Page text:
Previous alleged Bigfoot samples subjected to DNA analysis have been deemed “unknown” or “unidentified.” However, “unknown” or “unidentified” results do not mean “Bigfoot.” There are many reasons why a DNA sample might come back unknown, including that it was contaminated or too degraded by environmental conditions. Or it could simply mean that the animal it came from was not among the reference samples that the laboratory used for comparison. There is no reference sample of Bigfoot DNA to compare it with, so by definition, there cannot be a conclusive match. …

Of course, I suppose the answers to these and similar questions will have to go unanswered because we expect Dr. Ketchum to act like a real scientist and share her samples, data, research, and methodology for actual peer review and analysis.  Hah – silly us! :)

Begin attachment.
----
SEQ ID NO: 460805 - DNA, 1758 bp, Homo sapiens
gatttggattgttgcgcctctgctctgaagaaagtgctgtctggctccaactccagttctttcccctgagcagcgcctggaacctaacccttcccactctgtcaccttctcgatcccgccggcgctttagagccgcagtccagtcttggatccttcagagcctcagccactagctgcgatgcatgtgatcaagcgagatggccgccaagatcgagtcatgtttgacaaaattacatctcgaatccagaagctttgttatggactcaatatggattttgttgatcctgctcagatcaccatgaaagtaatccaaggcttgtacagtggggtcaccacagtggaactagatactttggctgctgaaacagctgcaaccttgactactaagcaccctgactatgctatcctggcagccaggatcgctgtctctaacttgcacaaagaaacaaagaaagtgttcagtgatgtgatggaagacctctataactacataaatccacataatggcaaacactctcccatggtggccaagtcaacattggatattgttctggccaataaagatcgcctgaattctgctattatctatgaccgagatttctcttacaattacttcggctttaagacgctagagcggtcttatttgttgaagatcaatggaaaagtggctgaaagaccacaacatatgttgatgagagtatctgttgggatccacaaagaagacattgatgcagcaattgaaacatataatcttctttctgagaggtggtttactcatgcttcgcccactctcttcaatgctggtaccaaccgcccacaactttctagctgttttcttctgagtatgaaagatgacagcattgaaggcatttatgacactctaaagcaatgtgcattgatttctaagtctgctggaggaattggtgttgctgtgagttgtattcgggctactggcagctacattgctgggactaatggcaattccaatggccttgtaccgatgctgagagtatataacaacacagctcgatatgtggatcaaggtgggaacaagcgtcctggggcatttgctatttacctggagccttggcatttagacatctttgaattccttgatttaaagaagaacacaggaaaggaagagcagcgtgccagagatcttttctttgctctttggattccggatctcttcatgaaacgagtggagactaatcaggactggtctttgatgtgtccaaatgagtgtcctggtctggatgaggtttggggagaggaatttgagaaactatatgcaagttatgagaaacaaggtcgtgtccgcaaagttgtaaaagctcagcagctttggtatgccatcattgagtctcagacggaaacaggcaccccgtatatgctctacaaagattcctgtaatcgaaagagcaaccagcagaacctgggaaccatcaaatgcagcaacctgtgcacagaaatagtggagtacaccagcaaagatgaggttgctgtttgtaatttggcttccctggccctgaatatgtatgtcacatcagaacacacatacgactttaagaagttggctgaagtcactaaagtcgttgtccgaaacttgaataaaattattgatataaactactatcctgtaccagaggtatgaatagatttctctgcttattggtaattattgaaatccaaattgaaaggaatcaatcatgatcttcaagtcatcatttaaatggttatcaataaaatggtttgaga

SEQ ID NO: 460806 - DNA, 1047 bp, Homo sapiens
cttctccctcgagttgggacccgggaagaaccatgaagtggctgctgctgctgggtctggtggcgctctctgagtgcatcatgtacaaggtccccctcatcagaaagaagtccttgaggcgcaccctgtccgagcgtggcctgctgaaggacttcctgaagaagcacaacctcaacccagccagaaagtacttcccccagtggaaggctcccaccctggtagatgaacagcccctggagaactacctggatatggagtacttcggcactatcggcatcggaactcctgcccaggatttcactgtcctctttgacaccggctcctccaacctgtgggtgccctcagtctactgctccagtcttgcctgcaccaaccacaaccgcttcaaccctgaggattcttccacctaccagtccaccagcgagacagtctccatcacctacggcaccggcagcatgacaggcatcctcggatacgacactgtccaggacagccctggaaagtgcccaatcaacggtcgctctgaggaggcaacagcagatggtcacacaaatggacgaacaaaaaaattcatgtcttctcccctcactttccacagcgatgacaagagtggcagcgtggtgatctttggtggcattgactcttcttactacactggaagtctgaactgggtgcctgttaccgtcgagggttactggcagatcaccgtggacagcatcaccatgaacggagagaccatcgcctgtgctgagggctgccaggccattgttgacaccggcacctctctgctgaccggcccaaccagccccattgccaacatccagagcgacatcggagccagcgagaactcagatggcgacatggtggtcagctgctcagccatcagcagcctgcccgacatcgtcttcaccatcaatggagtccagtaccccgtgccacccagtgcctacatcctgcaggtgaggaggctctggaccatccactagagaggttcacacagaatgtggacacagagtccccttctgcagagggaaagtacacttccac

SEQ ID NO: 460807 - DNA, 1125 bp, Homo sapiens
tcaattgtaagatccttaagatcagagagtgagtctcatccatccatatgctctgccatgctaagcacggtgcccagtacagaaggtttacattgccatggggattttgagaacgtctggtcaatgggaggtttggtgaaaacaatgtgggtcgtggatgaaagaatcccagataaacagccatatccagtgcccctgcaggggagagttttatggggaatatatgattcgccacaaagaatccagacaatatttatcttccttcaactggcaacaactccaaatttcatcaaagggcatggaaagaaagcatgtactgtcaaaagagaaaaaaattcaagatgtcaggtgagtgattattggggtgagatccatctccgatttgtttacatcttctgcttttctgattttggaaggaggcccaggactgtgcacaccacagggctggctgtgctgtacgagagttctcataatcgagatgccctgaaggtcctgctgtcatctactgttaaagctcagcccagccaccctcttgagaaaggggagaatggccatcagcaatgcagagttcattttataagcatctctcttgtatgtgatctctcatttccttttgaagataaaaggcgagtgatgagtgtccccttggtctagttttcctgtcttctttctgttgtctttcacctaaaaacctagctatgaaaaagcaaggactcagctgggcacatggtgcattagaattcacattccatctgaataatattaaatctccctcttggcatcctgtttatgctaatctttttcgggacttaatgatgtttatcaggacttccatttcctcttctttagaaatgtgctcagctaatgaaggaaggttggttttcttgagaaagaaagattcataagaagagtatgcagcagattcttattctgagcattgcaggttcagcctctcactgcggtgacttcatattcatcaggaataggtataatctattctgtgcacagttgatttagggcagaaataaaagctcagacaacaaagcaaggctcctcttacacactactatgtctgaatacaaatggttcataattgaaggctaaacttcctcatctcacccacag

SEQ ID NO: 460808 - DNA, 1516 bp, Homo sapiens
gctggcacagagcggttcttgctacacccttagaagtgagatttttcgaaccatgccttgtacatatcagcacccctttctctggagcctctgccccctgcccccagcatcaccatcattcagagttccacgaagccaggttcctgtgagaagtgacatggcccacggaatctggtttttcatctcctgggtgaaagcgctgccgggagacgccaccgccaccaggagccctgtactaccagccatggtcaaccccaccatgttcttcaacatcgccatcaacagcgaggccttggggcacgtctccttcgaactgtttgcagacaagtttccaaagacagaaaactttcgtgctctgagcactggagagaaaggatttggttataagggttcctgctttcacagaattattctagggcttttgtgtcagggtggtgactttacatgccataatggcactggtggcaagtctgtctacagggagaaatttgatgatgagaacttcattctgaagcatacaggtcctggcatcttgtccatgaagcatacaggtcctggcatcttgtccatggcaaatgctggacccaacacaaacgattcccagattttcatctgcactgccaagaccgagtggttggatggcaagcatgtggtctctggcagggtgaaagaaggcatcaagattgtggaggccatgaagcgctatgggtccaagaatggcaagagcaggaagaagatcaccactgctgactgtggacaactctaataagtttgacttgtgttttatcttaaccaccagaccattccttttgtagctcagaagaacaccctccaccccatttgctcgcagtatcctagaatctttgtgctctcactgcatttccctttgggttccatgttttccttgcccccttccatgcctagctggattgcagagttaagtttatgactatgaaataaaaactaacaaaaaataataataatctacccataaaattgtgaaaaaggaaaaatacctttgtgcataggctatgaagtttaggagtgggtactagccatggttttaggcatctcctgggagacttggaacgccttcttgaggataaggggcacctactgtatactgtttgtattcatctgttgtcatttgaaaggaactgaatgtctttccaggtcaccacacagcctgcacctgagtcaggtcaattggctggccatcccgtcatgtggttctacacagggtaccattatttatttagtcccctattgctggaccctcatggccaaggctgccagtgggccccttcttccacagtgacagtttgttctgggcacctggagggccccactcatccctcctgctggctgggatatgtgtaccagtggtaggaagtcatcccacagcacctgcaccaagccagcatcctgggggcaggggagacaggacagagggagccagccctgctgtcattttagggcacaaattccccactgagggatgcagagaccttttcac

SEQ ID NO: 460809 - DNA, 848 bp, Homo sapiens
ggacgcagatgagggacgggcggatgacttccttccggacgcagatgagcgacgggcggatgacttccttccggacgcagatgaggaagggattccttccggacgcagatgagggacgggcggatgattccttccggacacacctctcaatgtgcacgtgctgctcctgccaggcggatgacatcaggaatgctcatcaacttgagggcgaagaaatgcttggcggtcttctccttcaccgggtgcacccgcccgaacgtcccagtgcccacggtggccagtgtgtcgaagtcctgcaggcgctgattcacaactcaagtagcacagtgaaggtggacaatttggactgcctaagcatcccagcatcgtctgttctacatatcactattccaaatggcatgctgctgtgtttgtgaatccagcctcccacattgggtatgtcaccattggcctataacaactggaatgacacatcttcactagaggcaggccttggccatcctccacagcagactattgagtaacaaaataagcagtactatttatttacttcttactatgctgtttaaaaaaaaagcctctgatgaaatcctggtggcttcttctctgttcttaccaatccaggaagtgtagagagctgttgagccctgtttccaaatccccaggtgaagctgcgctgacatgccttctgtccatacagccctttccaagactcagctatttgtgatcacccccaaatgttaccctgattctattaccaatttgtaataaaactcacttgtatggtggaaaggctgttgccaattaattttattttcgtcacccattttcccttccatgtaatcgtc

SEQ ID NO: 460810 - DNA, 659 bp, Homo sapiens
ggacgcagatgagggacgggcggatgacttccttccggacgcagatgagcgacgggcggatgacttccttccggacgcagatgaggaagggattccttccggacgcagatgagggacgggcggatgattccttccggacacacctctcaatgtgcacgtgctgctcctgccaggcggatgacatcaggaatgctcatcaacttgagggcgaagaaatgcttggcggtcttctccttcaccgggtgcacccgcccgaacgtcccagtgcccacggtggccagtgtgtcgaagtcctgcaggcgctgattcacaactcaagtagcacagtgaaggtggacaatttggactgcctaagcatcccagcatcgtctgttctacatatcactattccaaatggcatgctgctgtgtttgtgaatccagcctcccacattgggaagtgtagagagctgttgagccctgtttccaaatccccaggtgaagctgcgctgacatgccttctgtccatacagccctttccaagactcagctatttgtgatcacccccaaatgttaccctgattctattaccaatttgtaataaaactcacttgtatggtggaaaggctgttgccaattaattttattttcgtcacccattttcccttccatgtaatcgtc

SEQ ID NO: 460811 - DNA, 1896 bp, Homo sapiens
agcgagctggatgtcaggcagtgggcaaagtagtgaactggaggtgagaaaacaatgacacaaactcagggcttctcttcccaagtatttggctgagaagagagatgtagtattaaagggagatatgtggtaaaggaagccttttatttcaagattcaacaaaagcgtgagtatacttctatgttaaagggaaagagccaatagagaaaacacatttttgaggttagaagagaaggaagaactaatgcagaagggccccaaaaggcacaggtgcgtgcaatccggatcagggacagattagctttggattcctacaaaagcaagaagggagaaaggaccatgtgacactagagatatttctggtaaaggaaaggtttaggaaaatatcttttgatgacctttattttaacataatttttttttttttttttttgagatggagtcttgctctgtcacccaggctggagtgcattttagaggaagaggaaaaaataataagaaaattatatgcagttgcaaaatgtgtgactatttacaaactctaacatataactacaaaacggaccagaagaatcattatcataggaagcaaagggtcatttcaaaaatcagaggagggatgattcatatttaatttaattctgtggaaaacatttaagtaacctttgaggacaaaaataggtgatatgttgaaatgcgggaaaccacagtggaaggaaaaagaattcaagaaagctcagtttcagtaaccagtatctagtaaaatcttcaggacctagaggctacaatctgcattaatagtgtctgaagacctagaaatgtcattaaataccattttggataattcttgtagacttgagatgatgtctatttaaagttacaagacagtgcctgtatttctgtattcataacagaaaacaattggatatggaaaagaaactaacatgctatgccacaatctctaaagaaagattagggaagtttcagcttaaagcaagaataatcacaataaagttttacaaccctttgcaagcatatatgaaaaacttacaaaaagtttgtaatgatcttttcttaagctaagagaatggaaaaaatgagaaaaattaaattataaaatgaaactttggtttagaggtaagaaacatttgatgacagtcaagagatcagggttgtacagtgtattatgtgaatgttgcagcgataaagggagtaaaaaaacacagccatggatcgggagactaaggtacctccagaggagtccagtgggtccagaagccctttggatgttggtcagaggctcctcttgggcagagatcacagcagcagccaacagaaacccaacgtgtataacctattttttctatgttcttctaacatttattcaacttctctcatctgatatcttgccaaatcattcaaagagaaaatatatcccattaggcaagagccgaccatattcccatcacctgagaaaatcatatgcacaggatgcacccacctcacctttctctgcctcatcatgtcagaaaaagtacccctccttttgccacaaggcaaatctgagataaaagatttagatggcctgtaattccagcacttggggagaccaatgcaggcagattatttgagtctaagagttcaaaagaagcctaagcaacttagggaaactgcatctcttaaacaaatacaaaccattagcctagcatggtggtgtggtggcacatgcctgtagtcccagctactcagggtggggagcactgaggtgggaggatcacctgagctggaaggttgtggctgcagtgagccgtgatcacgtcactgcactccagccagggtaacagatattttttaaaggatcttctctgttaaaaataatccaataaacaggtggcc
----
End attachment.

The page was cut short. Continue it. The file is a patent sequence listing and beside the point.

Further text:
Posted in cryptozoology | Tagged: , , , , , , , , , , , , , , , , , , , , , , , , , , , | 1 Comment »

Live Blog of CFI Chicago’s “Dangerous Nonsense” Entry 5

Posted by mattusmaximus on April 24, 2010

First off, let me apologize in advance, because I’ll likely have to cut out before the end of this particular lecture.  That said…

Speaker #4: Dr. Dario Maestripieri, professor of evolutionary biology, on “What Primatology and Evolutionary Psychology Tell Us About the Evolution of Human Behavior”.  Some evolutionary biologists consider the study of behavior to be outside the realm of their field – this is because behavior is notoriously difficult to quantify and measure.  Another reason is that many think that behavior is an effect of environment and culture.  Then there is the dreaded “free will” problem, and some people are uncomfortable with the idea of their behavior being the product of some kind of deterministic evolutionary process.